The speech by US President Joe Biden Thursday afternoon, and the statements by Republican presidential candidates the previous night, were demonstrations of the deepening political crisis in America. The Republicans adopt an increasingly belligerent and fascistic stance, both Trump and those running against him, who debated in California. Meanwhile the Democrats, in the person of Biden, bewail the danger to democracy but propose absolutely no way to oppose it.
The main concern of Biden, as expressed in his remarks at the McCain Institute in Arizona, is the impact of Trump and his acolytes on the US proxy war against Russia in Ukraine. After 10 minutes of fond reminiscences of his close relations with the Republican warhawk for whom the institute is named, he turned to promoting his own brand of militarism. He warned that the turn towards ultra-right violence in the Republican Party was undermining the world position of American imperialism and disrupting the functioning of its gigantic military apparatus.
The speech at Arizona State University came at the invitation of Cindy McCain, widow of the longtime Republican senator, who died of brain cancer in 2018. Biden told a select bipartisan audience that he was there to speak about a threat to democracy, and began by citing the reactions among foreign leaders and governments to the January 6, 2021 attack on the US Capitol by a mob of Trump supporters.
He continued, “There’s something dangerous happening in America. There’s an extremist movement that does not share the basic beliefs in our democracy, the MAGA movement. Not every Republican, not even a majority of Republicans adhere to the MAGA extremist ideology. I know because I’ve been able to work with Republicans my whole career. But there’s no question that today’s Republican Party is driven and intimidated by MAGA Republican extremists. Their extreme agenda if carried out would fundamentally alter the institutions of American democracy as we know it.”
Biden went on to describe attacks on the media, on the right to vote, book banning, the threat to shut down the government. But he focused on attacks on the military, specifically the blocking of promotions of hundreds of military officers by “one senator from Alabama” (Tommy Tuberville), and then denounced Trump for declaring General Mark Milley, outgoing chairman of the Joint Chiefs of Staff, a “traitor” who “in times gone by” would have been executed. Trump targeted Milley because he declined to support Trump’s efforts to seize power after losing the November 2020 presidential election.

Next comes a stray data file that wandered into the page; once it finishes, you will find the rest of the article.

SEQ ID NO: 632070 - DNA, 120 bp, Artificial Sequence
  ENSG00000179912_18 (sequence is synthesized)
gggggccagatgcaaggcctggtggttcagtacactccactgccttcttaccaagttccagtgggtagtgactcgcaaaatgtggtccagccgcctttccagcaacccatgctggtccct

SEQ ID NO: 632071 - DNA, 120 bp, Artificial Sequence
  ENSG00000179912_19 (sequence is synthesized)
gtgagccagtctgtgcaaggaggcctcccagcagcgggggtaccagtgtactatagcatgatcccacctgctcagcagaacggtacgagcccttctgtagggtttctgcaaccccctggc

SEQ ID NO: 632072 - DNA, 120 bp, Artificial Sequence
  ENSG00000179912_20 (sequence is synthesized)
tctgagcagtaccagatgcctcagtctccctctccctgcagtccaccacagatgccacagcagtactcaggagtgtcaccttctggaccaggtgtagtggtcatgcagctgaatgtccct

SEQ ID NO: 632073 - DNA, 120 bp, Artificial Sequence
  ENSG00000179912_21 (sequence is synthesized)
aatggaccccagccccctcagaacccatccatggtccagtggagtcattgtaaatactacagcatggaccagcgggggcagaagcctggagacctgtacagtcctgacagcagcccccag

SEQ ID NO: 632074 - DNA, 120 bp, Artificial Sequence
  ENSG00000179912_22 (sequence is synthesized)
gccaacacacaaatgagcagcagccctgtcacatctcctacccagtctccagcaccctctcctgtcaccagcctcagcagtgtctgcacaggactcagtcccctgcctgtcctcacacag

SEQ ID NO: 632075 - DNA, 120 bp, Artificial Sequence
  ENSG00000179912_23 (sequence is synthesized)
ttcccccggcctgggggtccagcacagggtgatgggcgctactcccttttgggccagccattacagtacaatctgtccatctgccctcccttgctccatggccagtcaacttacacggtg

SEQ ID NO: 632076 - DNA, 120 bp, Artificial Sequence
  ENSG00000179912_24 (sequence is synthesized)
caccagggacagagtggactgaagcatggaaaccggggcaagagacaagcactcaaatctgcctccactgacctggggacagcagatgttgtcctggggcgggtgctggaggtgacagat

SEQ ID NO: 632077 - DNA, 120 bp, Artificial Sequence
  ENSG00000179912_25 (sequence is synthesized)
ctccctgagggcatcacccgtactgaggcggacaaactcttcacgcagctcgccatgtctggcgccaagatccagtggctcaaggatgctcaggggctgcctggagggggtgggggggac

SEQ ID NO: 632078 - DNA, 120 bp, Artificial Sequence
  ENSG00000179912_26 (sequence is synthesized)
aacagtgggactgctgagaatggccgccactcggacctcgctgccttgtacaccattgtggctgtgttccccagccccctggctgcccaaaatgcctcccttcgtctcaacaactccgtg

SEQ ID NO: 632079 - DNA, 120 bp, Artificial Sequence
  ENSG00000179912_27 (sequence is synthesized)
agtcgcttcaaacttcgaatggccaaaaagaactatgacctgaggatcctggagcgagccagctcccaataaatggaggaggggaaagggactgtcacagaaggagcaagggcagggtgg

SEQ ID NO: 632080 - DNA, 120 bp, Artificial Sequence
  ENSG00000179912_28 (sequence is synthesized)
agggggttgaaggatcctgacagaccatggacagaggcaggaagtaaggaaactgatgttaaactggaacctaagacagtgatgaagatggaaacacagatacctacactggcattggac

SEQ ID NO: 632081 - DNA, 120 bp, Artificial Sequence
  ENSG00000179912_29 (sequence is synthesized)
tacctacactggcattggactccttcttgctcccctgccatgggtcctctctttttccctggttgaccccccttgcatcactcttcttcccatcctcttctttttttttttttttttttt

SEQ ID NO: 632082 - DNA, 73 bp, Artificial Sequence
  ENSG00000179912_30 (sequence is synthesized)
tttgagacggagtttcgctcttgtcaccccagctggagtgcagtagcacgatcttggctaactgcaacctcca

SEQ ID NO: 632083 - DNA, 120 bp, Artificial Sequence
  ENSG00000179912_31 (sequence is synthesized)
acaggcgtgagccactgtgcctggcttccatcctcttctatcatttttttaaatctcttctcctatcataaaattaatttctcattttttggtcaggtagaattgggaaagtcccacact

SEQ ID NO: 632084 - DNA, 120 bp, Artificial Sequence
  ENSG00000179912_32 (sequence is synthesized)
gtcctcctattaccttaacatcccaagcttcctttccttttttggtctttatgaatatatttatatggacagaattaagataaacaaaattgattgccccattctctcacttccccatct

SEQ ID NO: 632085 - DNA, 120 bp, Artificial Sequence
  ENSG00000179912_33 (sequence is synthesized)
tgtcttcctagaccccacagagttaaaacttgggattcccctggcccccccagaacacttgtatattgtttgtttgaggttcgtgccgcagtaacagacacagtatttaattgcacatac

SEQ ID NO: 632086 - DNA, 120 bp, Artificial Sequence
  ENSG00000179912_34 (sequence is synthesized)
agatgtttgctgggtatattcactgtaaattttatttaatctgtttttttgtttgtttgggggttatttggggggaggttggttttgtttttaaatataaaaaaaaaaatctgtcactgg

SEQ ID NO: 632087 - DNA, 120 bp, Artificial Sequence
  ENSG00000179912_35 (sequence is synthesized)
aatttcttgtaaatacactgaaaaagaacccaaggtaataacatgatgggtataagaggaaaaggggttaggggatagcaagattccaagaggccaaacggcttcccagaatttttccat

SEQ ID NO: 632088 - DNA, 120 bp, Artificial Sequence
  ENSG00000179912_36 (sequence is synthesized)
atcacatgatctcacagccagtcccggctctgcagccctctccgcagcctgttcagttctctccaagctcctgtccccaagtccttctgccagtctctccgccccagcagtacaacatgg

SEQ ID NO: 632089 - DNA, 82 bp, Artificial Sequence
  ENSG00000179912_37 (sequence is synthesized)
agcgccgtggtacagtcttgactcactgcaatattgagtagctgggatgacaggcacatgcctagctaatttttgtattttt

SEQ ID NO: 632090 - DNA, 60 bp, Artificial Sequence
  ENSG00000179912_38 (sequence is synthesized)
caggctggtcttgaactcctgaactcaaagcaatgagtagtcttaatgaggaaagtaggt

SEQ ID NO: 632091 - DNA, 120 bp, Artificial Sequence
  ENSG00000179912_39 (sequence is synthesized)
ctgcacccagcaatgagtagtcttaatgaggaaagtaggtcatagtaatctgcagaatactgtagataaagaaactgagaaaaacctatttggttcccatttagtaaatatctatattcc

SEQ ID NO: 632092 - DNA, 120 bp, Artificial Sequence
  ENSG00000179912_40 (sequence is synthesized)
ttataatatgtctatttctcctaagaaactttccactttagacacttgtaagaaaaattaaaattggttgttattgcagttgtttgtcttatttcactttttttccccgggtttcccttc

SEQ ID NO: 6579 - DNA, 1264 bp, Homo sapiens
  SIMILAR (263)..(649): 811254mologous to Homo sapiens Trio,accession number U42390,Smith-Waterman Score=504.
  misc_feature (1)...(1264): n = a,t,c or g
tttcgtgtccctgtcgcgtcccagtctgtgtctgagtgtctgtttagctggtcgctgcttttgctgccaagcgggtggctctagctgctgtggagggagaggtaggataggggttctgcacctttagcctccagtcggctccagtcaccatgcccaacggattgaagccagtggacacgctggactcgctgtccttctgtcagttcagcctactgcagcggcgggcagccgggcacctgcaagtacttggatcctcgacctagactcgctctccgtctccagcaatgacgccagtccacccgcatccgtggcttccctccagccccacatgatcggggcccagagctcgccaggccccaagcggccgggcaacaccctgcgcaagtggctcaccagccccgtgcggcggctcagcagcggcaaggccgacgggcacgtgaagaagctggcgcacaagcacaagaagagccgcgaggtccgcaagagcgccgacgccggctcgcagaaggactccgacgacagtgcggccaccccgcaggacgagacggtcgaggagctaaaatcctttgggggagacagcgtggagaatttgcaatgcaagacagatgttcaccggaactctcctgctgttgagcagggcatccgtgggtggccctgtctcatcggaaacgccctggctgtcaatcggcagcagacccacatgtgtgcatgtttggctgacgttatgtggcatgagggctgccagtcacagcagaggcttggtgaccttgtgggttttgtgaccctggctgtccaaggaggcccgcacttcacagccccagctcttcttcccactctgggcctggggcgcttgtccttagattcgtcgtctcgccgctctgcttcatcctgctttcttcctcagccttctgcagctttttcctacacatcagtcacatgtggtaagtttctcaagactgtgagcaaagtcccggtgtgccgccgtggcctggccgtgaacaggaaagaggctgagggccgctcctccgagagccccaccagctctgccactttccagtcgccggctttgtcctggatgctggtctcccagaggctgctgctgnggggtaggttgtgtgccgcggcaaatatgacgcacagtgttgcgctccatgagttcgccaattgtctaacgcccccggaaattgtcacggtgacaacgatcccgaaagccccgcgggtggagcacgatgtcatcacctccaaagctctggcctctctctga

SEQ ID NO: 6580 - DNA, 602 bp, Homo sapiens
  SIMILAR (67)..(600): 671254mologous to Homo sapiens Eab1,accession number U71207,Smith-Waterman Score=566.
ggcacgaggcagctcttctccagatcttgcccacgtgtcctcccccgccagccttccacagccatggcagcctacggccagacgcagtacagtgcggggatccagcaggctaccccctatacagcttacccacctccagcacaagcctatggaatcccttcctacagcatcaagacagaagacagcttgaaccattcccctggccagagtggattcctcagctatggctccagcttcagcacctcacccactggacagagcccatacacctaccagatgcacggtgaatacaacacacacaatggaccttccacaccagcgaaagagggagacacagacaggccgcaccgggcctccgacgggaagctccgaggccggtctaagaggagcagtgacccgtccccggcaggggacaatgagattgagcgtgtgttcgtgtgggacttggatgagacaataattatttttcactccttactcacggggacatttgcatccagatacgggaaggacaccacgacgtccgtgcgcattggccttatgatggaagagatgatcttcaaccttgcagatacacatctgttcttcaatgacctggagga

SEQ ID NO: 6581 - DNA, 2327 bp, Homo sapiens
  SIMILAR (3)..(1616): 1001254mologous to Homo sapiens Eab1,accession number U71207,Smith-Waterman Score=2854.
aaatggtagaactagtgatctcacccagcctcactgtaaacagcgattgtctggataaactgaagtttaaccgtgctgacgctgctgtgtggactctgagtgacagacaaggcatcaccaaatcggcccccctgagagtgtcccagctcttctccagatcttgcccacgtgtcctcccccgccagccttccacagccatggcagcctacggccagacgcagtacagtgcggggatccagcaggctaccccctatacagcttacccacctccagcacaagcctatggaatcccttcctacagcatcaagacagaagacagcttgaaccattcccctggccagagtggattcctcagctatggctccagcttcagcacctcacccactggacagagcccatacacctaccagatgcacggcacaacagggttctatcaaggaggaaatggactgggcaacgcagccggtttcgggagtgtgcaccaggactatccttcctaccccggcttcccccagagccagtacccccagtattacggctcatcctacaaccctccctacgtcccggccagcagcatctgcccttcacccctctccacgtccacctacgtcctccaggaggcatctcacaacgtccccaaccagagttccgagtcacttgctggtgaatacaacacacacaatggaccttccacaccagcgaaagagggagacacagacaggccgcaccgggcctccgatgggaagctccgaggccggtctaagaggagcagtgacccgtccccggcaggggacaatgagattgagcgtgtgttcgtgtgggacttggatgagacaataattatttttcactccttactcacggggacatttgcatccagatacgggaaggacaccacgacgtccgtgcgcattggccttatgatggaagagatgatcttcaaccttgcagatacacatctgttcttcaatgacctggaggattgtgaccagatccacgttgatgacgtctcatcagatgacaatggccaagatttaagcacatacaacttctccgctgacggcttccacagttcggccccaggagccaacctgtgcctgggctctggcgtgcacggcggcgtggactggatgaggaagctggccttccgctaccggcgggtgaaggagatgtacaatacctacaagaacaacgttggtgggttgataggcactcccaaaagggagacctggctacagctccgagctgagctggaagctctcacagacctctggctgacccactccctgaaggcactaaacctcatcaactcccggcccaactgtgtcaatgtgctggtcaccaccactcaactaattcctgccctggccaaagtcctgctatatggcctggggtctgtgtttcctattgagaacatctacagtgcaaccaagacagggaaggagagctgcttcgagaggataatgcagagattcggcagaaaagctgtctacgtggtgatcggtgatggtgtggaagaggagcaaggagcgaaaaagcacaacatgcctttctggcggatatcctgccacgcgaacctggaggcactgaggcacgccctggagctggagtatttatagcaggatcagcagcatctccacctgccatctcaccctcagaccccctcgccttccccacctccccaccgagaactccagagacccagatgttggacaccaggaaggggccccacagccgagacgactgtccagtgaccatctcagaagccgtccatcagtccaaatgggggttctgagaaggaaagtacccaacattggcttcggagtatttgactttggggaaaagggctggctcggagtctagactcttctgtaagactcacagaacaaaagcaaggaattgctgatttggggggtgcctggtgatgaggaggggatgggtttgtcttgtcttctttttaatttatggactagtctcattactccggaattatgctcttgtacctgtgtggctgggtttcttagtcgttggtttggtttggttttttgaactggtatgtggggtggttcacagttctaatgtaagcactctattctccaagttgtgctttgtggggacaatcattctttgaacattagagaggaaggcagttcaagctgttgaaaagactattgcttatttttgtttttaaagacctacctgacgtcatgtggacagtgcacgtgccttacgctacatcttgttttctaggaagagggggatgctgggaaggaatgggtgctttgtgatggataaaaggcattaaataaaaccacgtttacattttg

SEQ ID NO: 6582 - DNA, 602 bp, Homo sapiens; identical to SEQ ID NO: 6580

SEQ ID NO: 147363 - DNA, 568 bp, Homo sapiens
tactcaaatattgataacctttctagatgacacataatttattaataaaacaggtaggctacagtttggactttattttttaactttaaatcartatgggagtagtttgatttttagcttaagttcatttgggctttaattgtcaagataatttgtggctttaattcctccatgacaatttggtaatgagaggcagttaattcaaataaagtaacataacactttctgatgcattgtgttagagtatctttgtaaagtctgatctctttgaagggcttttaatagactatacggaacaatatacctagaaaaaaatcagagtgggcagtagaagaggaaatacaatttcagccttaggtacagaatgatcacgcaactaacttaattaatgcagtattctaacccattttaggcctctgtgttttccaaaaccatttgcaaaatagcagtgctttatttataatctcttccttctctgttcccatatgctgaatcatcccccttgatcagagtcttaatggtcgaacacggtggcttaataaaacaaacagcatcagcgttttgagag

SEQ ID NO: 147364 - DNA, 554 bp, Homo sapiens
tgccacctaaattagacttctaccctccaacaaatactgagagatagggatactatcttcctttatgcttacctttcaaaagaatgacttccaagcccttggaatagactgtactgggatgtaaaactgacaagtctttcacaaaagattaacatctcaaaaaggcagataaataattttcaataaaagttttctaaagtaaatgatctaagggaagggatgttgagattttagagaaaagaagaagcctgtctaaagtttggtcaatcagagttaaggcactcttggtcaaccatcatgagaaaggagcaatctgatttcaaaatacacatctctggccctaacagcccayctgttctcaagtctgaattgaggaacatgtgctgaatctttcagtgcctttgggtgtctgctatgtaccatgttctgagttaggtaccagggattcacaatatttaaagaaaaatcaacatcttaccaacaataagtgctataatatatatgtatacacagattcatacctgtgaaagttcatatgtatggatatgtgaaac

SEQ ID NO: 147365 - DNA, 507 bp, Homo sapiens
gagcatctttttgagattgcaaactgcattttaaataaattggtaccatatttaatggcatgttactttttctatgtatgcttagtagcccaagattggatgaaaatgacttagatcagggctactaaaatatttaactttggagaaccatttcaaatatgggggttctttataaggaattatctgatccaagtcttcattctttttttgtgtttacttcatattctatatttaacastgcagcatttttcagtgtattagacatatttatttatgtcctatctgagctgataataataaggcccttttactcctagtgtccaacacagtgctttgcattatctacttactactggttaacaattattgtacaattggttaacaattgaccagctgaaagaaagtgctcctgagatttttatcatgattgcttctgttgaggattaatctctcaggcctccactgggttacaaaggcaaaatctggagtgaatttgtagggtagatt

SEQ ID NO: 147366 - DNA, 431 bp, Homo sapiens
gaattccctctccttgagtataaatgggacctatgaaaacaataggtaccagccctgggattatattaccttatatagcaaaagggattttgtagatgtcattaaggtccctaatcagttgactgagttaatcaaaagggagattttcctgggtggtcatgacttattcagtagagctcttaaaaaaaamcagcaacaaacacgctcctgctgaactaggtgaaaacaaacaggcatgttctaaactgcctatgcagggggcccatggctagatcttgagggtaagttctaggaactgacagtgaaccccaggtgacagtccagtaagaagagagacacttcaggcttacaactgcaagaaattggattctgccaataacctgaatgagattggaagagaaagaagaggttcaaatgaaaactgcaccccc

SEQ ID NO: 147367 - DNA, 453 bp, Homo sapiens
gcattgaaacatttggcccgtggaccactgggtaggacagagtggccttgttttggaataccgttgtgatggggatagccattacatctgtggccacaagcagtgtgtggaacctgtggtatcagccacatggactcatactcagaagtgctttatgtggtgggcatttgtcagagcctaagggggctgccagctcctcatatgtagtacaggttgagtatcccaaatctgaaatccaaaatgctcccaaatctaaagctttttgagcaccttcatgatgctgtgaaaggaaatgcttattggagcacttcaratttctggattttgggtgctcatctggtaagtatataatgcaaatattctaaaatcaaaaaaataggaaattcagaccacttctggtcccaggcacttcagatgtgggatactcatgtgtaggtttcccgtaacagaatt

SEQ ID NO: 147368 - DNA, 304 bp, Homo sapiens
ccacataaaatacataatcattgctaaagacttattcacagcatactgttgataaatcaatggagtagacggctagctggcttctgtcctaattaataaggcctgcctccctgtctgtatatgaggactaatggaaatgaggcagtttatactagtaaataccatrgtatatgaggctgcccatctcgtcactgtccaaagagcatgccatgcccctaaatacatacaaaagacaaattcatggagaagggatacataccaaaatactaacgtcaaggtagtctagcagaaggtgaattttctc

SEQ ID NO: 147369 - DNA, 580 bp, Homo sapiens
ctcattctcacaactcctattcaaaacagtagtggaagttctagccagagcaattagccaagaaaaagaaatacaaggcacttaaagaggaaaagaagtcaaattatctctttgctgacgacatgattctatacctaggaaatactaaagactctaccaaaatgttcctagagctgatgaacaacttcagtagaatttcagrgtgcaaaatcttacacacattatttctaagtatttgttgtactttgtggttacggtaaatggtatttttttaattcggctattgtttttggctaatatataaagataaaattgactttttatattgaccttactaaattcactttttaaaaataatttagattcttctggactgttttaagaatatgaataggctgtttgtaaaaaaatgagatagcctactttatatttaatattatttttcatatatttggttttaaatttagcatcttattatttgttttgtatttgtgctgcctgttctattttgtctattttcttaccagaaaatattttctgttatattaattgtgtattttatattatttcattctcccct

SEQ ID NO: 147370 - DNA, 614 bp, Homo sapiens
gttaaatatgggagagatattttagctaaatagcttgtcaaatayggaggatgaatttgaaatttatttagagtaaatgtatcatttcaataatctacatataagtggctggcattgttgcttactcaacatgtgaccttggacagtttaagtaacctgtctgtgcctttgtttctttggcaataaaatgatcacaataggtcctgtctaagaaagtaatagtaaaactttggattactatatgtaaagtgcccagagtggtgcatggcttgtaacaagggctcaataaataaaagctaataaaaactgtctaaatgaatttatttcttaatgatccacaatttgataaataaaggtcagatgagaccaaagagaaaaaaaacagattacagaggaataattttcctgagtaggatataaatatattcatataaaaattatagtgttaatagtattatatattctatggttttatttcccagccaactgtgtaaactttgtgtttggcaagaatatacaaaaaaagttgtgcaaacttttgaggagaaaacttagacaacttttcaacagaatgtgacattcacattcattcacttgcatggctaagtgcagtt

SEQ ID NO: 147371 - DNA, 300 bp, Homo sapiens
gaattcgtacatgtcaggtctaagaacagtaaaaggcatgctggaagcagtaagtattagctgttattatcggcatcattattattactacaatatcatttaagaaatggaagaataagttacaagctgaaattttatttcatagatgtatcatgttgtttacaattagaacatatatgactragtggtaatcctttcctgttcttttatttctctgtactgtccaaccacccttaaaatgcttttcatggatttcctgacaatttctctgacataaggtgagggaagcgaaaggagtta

Republicans in the House of Representatives, Biden said, were whitewashing the January 6 attack, praising the attackers, and calling for “destroying the FBI.” They were pushing for a shutdown of the federal government by blocking passage of a budget, which would lead to the suspension of military salaries.
While Biden’s indictment, if anything, understated the danger to democracy from the transformation of the Republican Party into a fascist organization, he offered as an alternative only “engagement” in the political process, especially by young people. In other words, while acknowledging the threat, at least in words, he proposed nothing but going to the polls to elect more Democrats, and especially himself, in November 2024.
He ended with the declaration that American society was “at an inflection point in our history, one of those moments that … happens once in every eight or nine generations, where the decisions made in a short period of time we’re in now are going to determine the course of this country and the world for the next six or seven decades.”
Given such a statement, it is even more remarkable that Biden gave no explanation at all of the underlying causes of this crisis. Where did the MAGA movement come from? What is the basis of this deadly threat to democratic rights? Does this perhaps have something to do with the crisis of the capitalist profit system? What is the connection between that crisis and explosion of American militarism, including in Ukraine? Such questions are unwanted and deliberately suppressed, not just by the 80-year-old president, but by the Democratic Party as a whole, as well as the corporate media.
While Biden was appealing to non-Trump Republicans to repudiate the ex-president, the tendency at the second Republican presidential debate, held Wednesday night in southern California, was to attack Trump from the right, for his failure to accomplish such fascistic promises as the building of a wall along the entire US-Mexico border, or not gutting federal spending on social services, or not being harsh enough in his anti-China policy.
The supposed debate was actually a contest of shouting and interruptions, with long periods of time during which nothing could be heard but a cacophony of voices. In the periods between interruptions, however, the proceedings actually went downhill.